Gwen and the men: Will year of women candidates boost Graham?


The four men seeking the Democratic nomination for Florida governor wore dark suits to a Wednesday night debate in Fort Myers.

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Gwen Graham wore a pink jacket.

“You may notice I look a little different than my other friends up here on stage,” Graham said in her opening statement. “I’m a mom, a former PTA president, public school official, and I served Florida in Congress and it is these life experiences that make me uniquely qualified to be governor of Florida.”

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With few disagreements among the Democratic candidates on issues, Graham has often characterized the field as “Gwen and the men” at a time when the #MeToo movement and Democratic dyspepsia over Donald Trump’s defeat of Hillary Clinton have contributed nationally to a record number of women running for office.

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Sixty-two women have opened campaigns for governor across the U.S. this year, shattering the previous record of 34 female candidates in 1994, according to the Center for American Women and Politics at Rutgers University. The center says this year has also seen a record number of women running for U.S. Senate (54) and U.S. House (472). Nearly three-quarters of the women candidates are Democrats, according to the center’s figures.

“You have a strong surge among Democratic women candidates … The 2016 election in various ways may have been a catalyst for them to declare their candidacy,” said Kelly Dittmar, a scholar at the Rutgers center.

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“Part of the thing about Hillary Clinton losing to Donald Trump was the contrast vis-a-vis gender between them was so significant. She was running to break the highest, hardest glass ceiling and he was running a campaign that engaged the most traditional aspects of masculinity,” Dittmar said.

Former Florida Chief Financial Officer Alex Sink, the Democrat whose 2010 bid to become the state’s first woman governor fell short when she lost to Republican Rick Scott, says Trump’s election and the #MeToo movement have motivated more Democratic women to run.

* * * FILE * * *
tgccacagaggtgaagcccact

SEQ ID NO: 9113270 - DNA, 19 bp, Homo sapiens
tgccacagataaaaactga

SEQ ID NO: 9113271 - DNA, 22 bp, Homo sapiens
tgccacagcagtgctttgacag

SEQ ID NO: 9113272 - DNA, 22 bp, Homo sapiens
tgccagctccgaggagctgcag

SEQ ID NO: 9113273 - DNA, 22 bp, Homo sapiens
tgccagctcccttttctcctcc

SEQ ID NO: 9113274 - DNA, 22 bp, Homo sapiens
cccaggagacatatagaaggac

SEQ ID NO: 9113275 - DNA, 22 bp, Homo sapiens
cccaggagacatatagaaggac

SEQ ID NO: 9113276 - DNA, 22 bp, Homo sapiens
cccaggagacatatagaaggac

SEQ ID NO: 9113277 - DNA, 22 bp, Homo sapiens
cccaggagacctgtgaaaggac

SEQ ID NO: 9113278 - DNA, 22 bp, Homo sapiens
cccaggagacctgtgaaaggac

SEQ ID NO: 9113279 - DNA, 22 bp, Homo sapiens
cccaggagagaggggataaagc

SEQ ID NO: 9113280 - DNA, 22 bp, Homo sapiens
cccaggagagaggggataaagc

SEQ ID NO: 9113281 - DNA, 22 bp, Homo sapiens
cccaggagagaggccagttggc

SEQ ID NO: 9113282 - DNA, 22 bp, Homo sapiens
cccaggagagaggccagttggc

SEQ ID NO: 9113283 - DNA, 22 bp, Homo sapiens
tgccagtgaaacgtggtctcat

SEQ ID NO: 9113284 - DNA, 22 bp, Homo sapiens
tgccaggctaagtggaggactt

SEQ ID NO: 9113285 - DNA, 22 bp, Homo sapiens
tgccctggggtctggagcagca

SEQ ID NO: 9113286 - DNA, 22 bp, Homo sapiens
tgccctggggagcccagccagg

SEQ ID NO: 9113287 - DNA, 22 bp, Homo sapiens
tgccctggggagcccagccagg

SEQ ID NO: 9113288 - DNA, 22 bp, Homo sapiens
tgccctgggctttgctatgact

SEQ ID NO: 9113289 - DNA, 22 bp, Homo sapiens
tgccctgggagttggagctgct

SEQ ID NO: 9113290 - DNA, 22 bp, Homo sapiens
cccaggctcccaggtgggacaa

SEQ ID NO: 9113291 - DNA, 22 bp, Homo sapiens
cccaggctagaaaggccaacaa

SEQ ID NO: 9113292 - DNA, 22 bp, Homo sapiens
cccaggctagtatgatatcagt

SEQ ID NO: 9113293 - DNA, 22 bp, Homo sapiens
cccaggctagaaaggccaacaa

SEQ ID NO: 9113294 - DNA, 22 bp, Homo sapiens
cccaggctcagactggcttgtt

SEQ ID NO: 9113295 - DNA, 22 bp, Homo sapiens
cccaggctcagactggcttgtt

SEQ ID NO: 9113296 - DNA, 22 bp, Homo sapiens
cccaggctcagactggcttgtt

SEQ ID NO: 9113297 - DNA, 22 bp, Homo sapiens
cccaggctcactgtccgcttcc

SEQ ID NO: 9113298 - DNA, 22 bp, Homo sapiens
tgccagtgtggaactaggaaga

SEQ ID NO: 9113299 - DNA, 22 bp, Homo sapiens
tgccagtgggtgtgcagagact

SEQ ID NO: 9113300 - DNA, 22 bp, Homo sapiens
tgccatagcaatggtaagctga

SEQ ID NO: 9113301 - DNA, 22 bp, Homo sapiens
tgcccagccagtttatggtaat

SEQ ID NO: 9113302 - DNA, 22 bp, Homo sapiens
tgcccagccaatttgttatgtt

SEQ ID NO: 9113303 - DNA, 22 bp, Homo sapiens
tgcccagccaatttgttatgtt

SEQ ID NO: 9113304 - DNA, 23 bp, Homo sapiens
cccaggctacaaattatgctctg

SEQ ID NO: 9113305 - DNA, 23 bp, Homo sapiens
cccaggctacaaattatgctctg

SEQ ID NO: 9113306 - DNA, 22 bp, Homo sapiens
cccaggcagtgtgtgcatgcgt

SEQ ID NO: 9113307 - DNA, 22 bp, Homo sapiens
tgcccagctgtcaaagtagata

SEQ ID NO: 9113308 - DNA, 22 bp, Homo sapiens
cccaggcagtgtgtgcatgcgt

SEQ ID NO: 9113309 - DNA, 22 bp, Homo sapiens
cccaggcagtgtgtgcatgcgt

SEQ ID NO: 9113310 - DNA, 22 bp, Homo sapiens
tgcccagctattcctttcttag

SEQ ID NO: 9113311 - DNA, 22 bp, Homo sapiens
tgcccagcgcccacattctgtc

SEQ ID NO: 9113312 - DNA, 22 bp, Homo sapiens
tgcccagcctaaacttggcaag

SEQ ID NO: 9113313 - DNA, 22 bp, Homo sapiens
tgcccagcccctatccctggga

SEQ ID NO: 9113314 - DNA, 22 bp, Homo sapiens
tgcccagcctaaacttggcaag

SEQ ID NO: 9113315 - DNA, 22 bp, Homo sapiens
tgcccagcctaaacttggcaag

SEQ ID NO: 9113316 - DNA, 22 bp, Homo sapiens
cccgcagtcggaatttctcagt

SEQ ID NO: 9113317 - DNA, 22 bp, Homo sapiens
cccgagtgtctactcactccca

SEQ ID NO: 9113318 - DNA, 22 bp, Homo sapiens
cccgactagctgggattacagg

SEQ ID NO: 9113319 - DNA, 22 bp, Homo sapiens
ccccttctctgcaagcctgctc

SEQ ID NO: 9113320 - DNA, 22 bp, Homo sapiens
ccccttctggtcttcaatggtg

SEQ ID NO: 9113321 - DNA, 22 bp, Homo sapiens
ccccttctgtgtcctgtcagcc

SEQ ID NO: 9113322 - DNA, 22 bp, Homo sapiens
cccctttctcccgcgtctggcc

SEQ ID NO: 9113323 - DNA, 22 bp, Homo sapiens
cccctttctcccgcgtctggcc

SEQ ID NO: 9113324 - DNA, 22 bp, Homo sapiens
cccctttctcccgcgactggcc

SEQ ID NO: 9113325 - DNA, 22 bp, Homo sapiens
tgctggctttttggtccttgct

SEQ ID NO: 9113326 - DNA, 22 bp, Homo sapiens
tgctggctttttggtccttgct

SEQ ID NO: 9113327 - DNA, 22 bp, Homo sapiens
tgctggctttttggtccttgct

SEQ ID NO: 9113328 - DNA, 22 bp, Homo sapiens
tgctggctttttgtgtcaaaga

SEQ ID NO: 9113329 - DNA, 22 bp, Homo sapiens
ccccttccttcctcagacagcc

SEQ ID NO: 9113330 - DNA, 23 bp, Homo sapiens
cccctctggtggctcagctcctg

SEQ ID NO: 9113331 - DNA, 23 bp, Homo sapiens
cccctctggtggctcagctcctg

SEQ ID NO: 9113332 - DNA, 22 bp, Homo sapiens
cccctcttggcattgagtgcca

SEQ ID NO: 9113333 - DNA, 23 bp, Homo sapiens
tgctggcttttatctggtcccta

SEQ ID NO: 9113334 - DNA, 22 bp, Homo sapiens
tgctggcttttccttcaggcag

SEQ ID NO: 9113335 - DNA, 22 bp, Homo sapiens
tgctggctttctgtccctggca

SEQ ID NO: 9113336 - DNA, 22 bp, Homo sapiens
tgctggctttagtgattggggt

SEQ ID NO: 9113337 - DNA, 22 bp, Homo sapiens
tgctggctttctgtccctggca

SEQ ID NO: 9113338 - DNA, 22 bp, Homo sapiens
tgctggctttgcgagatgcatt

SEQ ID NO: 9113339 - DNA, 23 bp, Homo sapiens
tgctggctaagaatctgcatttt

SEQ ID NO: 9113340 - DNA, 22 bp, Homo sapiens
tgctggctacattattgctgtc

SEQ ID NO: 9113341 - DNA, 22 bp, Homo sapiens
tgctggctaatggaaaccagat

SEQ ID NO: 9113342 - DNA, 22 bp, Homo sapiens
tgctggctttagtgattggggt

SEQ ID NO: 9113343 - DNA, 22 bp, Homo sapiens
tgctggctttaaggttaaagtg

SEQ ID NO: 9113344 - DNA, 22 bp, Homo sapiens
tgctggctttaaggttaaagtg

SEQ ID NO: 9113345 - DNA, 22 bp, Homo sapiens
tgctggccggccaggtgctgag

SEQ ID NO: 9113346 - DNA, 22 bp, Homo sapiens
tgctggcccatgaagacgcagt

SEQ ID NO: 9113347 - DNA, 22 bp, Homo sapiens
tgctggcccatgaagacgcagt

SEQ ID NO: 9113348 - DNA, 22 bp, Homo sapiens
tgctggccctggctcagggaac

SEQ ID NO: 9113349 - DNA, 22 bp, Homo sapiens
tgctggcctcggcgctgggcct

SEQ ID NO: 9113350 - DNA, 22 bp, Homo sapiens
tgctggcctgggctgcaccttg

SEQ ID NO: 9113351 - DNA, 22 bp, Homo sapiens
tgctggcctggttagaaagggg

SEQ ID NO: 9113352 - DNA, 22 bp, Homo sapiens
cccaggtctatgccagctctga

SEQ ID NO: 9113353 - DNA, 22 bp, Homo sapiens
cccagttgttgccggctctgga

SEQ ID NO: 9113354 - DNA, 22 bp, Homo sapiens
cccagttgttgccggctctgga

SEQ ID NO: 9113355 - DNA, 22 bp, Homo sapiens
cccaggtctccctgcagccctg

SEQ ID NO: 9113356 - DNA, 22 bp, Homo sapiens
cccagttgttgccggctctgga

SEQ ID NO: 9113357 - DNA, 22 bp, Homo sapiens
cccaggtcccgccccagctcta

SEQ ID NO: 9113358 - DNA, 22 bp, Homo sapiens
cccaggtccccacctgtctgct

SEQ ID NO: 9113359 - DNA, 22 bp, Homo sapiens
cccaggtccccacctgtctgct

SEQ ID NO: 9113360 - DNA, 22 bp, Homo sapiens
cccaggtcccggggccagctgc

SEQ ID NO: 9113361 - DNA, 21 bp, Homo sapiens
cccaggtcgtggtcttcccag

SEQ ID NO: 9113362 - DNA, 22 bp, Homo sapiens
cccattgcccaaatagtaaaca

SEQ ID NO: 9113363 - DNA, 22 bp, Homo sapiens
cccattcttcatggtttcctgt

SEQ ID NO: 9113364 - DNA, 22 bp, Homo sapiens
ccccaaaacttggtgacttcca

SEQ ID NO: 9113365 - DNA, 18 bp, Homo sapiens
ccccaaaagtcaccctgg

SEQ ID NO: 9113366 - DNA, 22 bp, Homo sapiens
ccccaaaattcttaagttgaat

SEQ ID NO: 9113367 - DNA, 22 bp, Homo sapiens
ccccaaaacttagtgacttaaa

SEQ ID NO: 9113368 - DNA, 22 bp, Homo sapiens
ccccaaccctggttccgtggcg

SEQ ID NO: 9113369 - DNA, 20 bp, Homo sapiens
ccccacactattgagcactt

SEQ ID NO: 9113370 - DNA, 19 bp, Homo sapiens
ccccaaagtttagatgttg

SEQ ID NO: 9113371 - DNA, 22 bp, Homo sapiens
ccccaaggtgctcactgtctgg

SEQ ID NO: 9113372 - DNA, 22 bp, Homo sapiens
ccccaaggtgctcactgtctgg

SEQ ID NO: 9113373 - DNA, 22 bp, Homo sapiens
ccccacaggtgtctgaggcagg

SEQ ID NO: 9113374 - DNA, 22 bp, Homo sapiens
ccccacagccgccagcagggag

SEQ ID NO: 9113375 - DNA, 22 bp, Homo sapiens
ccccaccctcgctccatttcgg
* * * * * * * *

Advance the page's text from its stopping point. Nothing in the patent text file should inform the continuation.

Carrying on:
“It has everything to do with Donald Trump and the fact that a guy can get elected president who brags about groping women and who has extramarital relationships with people. That obviously outraged women,” said Alex Sink, whose own bid to become Florida’s first female governor fell short in 2010 when she lost to Republican Rick Scott.

“The whole Harvey Weinstein, Bill Cosby — it just goes on and on about harassment issues that have outraged women. The idea that legalized abortion could be outlawed has awakened women for sure,” Sink said.

Graham doesn’t fit the recently woke woman mold in that she was pondering the 2018 governor’s race months before Trump’s election.

Women are nearly 60 percent of Democratic voters in Florida and about 54 percent of all voters statewide. In 2016, when Trump carried Florida by 1.2 percent, exit polls show Clinton won by 4 percent among women while Trump won by 9 points among men.

In 2010, Florida exit polls showed Scott winning 54-to-43 percent among men while Sink won 52-to-45 percent among women.

Sink said more women and their perspectives are needed in elected office, but gender is only part of a “total package” of factors to consider in evaluating a candidate. She noted that she waited until this month to endorse Graham in the governor’s race.

Graham, the daughter of former Florida Sen. and Gov. Bob Graham, has stressed more than her gender to differentiate herself from her rivals in the campaign. She often points, for example, to her election to a GOP-leaning North Florida congressional seat during the Republican wave year of 2014 as proof she can win a tough race against a Republican. None of her Democratic primary rivals has won a partisan race.

Graham served a single term in Congress before a redistricting plan gave her district even more of a Republican tilt. She opted not to seek re-election in 2016 and began exploring the governor’s race.

During her term, Graham broke ranks with Democratic leadership to vote for the Keystone XL Pipeline, to loosen some of the Dodd-Frank regulations on Wall Street and to tighten vetting of Syrian refugees — votes that have drawn criticism from her rivals in the more-liberal-than-thou Democratic primary.

Graham said she found in Congress that women seemed more open to bipartisan problem-solving.

“Women bring a different leadership approach and it’s desperately needed today,” Graham said in a June interview. “I’m about solutions, I’m about getting things done and allowing divisiveness to stand in the way of that is not something that’s ever going to be acceptable to me. This is something I’ve done professionally my whole life, is to find a way to bring people together to actually accomplish moving the ball forward.”

Being a woman probably helps Graham in a Democratic primary, said Palm Beach County Tax Collector Anne Gannon, who is supporting Tallahassee Mayor Andrew Gillum in the race.

“It is a factor, particularly here in Palm Beach County, which has a long history of electing women,” Gannon said. “But I could also say the same thing for Andrew, who is an African-American. It’s important for African-Americans to see a candidate who has their experiences.”

Data reporter Mike Stucka contributed to this story.



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